Tony Cragg Sculpture is Coming to Lisson Gallery London
The fourteenth exhibition of Tony Cragg’s sculpture staged at both venues of Lisson Gallery in London will showcase some of the sculptor’s latest works that continue his radical and experimental approach to both material and forms. The continual sculptural investigations led Cragg from his early uses of detritus from the streets, plastic and other consumer materials to contemporary utilizations of metal, wood, white onyx, bronze and casts. The changes of material, however, make a congruous addition to his previous oeuvre and thematic choices.British sculptor born in Liverpool in 1949, his home is now in Wuppertal in western Germany where he teaches at the Kunstakademie in Dusseldorf.
New Departures in Tony Cragg’s Sculpture
The exhibits at the show will include pieces from his work entitled Industrial Nature where he explores tensions and collisions between natural, organic and artificial elements. This represents a continuation of his investment in geometric vs. organic forms that reflect the world around us. A different approach is visible in his bronze works Willow, Skull and Migrant, but nonetheless still strongly attached to his visual expressions of unseen world and forces in it. New glass casts made in Venice will also be included in the display, including the cast of the sculptor’s own head, along with some of the latest developments from group of works titled Rational Beings, Early Forms, and Manipulations.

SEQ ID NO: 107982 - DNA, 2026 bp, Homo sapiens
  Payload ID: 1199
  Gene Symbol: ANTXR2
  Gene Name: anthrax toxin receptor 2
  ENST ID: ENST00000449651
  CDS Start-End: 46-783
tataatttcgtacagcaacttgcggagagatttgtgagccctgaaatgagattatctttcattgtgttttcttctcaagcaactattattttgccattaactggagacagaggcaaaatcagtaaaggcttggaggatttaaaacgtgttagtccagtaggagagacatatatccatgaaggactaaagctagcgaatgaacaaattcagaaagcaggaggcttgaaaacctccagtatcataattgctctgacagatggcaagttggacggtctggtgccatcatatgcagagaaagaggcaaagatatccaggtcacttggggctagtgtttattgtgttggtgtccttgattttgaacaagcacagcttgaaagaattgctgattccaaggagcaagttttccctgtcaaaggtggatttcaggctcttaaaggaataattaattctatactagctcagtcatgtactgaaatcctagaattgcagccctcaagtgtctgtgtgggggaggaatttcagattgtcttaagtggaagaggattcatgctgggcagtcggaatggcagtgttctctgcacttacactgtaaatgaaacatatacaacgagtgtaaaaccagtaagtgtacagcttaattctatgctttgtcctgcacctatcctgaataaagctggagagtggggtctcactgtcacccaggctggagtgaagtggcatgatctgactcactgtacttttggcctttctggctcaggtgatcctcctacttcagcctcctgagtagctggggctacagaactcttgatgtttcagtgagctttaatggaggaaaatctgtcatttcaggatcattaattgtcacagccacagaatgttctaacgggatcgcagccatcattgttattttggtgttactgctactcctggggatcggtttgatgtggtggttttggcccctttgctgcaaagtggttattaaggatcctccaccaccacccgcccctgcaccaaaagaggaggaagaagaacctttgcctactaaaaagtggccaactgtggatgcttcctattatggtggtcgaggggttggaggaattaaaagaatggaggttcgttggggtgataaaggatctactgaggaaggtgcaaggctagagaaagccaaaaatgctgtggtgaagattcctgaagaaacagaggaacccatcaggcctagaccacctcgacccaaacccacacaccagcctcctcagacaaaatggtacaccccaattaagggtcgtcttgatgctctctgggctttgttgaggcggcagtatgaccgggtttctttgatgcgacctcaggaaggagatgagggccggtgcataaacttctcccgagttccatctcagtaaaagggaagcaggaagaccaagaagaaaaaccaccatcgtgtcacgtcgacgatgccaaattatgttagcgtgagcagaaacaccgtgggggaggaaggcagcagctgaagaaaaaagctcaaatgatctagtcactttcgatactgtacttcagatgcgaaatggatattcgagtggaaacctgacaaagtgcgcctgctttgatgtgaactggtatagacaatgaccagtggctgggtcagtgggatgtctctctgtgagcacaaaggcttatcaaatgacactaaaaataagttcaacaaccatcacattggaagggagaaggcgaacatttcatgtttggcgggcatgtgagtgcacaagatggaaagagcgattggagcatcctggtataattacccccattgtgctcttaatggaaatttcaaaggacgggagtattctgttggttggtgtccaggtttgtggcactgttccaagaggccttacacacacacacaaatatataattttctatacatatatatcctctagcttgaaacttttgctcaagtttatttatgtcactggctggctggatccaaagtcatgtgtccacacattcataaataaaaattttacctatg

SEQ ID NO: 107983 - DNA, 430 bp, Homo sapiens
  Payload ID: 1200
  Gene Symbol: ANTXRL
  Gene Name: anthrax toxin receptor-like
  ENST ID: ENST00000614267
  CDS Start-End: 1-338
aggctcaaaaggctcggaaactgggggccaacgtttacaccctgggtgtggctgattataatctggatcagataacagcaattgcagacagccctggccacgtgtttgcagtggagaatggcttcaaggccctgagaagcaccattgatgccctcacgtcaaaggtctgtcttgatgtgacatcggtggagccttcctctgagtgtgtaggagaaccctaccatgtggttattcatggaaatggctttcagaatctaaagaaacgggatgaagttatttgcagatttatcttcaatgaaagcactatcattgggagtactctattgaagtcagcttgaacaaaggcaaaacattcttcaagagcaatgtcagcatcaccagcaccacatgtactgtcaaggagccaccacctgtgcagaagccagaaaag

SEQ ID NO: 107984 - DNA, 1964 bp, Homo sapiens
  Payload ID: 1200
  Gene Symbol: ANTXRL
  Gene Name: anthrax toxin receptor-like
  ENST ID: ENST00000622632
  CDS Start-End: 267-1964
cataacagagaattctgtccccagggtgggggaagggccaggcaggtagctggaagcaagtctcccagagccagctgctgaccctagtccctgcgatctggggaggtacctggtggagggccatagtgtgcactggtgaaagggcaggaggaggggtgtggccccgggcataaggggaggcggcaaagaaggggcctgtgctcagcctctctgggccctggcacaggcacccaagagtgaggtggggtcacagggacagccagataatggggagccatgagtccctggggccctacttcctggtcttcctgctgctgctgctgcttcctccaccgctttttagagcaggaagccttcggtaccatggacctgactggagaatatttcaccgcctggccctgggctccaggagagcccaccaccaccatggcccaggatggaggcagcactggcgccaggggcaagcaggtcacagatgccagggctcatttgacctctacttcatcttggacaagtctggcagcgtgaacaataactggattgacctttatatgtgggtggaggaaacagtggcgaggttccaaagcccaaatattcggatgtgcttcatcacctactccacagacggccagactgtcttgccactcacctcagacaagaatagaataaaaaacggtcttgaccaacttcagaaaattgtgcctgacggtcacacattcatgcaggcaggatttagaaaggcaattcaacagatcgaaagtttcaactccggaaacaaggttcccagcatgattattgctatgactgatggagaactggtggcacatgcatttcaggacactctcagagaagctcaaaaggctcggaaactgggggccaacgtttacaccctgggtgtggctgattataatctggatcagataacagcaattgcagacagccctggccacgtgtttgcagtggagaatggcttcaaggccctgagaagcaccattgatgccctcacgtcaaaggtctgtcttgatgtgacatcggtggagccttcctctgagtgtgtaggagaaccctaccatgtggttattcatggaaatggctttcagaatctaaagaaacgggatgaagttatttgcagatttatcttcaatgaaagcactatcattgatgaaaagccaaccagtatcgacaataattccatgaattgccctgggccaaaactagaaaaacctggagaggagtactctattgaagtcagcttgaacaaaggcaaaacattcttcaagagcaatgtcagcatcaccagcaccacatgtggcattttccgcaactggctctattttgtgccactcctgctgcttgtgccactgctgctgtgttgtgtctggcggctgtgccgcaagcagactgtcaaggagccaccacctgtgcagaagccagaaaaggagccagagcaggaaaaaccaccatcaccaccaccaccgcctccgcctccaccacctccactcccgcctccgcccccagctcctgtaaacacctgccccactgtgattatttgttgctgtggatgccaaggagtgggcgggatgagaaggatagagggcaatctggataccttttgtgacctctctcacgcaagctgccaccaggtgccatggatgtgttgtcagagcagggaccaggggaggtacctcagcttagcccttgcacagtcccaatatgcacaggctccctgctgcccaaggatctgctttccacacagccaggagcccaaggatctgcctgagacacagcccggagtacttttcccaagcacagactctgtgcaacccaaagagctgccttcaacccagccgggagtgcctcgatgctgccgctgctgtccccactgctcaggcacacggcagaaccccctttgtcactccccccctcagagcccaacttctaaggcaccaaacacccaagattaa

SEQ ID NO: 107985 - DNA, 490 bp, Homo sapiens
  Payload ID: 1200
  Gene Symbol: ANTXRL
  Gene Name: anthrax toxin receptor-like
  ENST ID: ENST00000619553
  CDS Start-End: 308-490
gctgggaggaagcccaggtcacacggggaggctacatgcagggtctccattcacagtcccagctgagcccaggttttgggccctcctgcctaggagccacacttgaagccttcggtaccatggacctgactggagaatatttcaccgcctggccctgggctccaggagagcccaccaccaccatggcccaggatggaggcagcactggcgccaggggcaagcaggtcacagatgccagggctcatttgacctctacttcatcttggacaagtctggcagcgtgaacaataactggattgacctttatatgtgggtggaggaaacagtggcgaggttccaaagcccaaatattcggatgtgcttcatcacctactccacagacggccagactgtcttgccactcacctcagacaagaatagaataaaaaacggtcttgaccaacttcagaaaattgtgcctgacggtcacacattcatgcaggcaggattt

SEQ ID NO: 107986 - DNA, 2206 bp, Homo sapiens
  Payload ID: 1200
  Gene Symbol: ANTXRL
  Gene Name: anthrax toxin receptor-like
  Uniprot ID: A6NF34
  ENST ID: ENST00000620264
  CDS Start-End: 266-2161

There Are Many More Things That Do Not Exist Than Things That Do Exist
Being Tony Cragg’s axiom, the above statement suggests what type of visual and thematic preoccupations guide him. Interest in the textures of natural and artificial worlds are limited to the materials he selects, while a much more stimulating concern of what rules, structures and orders these worlds are the main expressive force in his work. Captivated by what cannot be seen but only metaphysically sensed, Cragg’s work is in constant search for new shapes, meanings and language that will uncover the unseen to the observer. “I see a material or an object as having a halo of information around it” declared Cragg. Every form and material for him possesses a plethora of information that changes with the changes in forms and vice versa. For him material and shape affect our ideas and emotions, and by using multiple perspectives and layers of references he is offering us a complex vision of contemporary world.
Tony Cragg at Lisson Gallery
Tony Cragg and Lisson Gallery have a long standing relation spanning several decades. His first solo exhibition was held there in 1979 when he was preoccupied with farcical in his sculptures made of different discarded materials such as gum, consumer waste, plastic and metal. From his beginnings in 1970s Cragg evolved into one of the most prominent contemporary sculptors and will be awarded in 2017 with Lifetime Achievement in Contemporary Sculpture Award by the International Sculpture Centre. This show comes after artist’s major career retrospective at the Von der Heydt Museum and is a precursor for the next year’s largest presentation of Tony Cragg’s work in in the United Kingdom at Yorkshire Sculpture Park.
The show at Lisson Gallery in London will run from 1 October to 5 November 2016, with private viewings arranged for Friday, 30 September from 6-8pm.
Featured images: Tony Cragg – Willow, 2014; Untitled, Untitled 1; Portrait of Tony Cragg, Untitled 3. All images courtesy of the Lisson Gallery.